Federal Programs

Federal Programs and Title Information


Title I, Part A

Title I is the largest federally funded program in our nation’s schools.  The purpose of these funds is to improve teaching and learning for students in high-poverty schools so that students meet the state’s challenging content and performance standards.

Title II

The Title II program is designed to provide students from low-income families with greater access to effective teachers, principals, and other school leaders.  These funds may be used to expand professional development that train and support teachers, principals, and other school leaders.

Title III

The purpose of the Title III program is to improve the education of English Learners (ELs) by helping them learn English and meet challenging state academic standards.  An EL can be any student who lists a language other than English on the home langauge survey, and qualifies for services based on the W-APT or WIDA screener.  ELs can be both immigrant and non-immigrant students.

Title IV

The purpose of Title IV is to improve students’ academic achievement by increasing the capacity of state and local agencies, as well as the local community to provide all students with access to a well-rounded education, improve school conditions for learning, and improve the use of technology in order to improve the academic achievement and digital literacy of all students.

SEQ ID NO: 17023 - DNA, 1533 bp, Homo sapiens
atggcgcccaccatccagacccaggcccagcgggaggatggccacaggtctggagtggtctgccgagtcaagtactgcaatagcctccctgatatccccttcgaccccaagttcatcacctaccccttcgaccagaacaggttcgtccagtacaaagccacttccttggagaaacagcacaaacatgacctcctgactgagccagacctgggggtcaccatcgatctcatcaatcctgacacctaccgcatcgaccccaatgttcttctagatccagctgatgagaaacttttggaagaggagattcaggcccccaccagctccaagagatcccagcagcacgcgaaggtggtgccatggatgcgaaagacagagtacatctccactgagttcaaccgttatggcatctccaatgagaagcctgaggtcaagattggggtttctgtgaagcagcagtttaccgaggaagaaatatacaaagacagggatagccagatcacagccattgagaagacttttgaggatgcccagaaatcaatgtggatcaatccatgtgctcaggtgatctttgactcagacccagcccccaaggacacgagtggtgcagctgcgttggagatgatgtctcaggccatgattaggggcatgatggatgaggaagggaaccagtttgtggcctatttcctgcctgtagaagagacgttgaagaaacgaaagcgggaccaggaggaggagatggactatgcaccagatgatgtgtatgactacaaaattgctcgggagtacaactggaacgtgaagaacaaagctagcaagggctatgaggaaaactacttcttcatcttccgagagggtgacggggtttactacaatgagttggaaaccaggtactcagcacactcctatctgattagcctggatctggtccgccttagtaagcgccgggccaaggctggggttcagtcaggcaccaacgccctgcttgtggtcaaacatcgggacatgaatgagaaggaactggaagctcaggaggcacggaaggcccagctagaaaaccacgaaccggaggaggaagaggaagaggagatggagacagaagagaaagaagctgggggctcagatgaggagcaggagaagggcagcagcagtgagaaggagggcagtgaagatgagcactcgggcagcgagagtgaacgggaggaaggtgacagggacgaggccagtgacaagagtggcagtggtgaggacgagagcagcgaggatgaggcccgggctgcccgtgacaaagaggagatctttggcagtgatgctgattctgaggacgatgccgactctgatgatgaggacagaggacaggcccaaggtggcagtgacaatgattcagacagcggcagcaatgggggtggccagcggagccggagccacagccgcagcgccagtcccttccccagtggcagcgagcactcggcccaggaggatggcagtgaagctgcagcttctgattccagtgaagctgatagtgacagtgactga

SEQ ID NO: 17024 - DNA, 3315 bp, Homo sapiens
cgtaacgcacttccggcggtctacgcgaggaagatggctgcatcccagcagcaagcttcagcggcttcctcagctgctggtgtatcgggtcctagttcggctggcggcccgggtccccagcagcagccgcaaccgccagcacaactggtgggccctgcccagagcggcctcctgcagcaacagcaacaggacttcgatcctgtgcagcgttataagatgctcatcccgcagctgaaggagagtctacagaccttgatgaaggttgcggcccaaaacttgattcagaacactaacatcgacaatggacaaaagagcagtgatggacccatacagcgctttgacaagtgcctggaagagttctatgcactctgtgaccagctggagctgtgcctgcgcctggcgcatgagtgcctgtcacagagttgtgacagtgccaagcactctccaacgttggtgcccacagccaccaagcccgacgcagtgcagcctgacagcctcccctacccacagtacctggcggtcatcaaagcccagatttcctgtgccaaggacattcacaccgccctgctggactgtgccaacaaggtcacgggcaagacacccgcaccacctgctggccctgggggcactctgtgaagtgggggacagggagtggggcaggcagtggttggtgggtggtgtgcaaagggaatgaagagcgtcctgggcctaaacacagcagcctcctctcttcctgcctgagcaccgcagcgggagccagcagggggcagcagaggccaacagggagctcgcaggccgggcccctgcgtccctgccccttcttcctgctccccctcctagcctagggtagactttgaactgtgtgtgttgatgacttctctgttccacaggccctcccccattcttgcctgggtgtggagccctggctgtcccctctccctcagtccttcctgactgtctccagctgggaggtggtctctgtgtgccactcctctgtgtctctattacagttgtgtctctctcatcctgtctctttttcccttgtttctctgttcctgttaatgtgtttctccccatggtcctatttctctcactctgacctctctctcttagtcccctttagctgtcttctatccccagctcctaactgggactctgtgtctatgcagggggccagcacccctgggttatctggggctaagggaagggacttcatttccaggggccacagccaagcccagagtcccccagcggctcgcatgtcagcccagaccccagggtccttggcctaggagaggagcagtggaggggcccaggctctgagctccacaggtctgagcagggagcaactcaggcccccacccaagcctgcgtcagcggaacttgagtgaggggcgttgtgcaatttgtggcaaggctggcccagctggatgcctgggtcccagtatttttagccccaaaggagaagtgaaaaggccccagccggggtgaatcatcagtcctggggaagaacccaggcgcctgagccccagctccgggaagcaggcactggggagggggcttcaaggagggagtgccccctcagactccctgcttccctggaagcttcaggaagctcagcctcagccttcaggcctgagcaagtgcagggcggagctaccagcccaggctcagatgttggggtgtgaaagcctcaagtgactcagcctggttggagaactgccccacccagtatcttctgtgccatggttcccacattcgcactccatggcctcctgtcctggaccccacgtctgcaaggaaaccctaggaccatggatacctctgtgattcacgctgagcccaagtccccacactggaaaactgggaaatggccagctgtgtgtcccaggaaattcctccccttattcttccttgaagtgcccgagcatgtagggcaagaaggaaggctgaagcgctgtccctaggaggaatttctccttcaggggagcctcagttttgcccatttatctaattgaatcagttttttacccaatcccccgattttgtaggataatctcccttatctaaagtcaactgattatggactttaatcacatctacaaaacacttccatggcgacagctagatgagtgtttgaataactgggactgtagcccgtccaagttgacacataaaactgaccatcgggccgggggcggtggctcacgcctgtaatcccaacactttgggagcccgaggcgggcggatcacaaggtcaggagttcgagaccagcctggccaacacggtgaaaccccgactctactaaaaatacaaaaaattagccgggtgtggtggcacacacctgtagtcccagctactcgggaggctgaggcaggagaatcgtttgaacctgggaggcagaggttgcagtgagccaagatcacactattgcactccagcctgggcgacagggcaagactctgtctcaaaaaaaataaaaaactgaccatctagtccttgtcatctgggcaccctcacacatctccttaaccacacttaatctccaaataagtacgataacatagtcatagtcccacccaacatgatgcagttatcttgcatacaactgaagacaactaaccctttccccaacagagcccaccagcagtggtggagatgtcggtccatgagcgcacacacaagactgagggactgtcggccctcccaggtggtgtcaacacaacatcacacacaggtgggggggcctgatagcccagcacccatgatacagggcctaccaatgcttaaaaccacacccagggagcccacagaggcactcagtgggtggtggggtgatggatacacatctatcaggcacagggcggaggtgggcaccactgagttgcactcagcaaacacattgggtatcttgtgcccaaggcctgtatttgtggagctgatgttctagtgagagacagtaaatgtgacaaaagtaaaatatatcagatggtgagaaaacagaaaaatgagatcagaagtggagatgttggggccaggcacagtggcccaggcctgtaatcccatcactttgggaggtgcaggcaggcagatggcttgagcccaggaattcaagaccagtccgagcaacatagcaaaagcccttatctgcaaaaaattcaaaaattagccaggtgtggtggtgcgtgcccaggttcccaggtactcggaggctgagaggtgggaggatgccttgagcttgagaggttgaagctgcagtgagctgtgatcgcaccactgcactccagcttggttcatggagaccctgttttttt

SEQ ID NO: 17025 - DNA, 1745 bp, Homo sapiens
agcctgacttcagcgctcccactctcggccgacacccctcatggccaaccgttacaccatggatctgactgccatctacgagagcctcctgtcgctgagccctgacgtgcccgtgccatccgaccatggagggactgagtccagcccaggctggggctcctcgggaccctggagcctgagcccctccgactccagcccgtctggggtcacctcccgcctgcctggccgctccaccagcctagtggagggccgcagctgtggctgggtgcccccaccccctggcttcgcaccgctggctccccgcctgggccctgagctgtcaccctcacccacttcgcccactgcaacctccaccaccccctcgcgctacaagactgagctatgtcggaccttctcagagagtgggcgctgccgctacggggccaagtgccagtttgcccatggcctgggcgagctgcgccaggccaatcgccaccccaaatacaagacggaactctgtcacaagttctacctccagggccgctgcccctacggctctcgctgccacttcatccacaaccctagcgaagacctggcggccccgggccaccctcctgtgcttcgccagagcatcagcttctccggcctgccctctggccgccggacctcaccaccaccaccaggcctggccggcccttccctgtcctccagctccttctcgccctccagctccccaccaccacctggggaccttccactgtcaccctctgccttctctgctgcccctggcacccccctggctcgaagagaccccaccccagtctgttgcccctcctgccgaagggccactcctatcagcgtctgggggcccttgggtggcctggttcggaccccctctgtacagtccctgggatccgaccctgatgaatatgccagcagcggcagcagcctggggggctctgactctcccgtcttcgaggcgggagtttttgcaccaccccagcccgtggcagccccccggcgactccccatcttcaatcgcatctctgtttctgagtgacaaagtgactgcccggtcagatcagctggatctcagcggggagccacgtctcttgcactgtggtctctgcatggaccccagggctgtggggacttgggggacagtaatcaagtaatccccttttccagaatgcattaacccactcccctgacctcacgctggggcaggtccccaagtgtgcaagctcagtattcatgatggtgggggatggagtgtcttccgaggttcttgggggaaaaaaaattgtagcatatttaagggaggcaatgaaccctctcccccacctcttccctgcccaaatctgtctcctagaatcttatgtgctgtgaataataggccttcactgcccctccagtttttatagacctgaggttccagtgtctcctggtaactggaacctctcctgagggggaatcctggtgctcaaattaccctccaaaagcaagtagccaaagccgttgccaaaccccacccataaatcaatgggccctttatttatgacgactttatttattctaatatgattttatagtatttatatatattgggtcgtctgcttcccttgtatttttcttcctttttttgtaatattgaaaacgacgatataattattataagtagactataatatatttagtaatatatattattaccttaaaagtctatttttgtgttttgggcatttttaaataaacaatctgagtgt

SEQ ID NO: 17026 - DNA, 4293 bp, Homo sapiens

Title V

The Small, Rural Education Achievement Program is an initiative designed to address the unique needs of rural school districts.  Districts are identified to receive these funds as a supplement for lack of resources to compete for other federal competitive grants or because they may receive formula allocations that are too small to be used effectively for their intended purposes.

Title IX – Education for Homeless Children

All school districts are required to provide needed services to homeless children.  The McKinney-Vento Act is designed to address the challenges that homeless children and youths have faced in enrolling, attending and succeeding in school with a strong emphasis on the importance of school stability for homeless children and youths.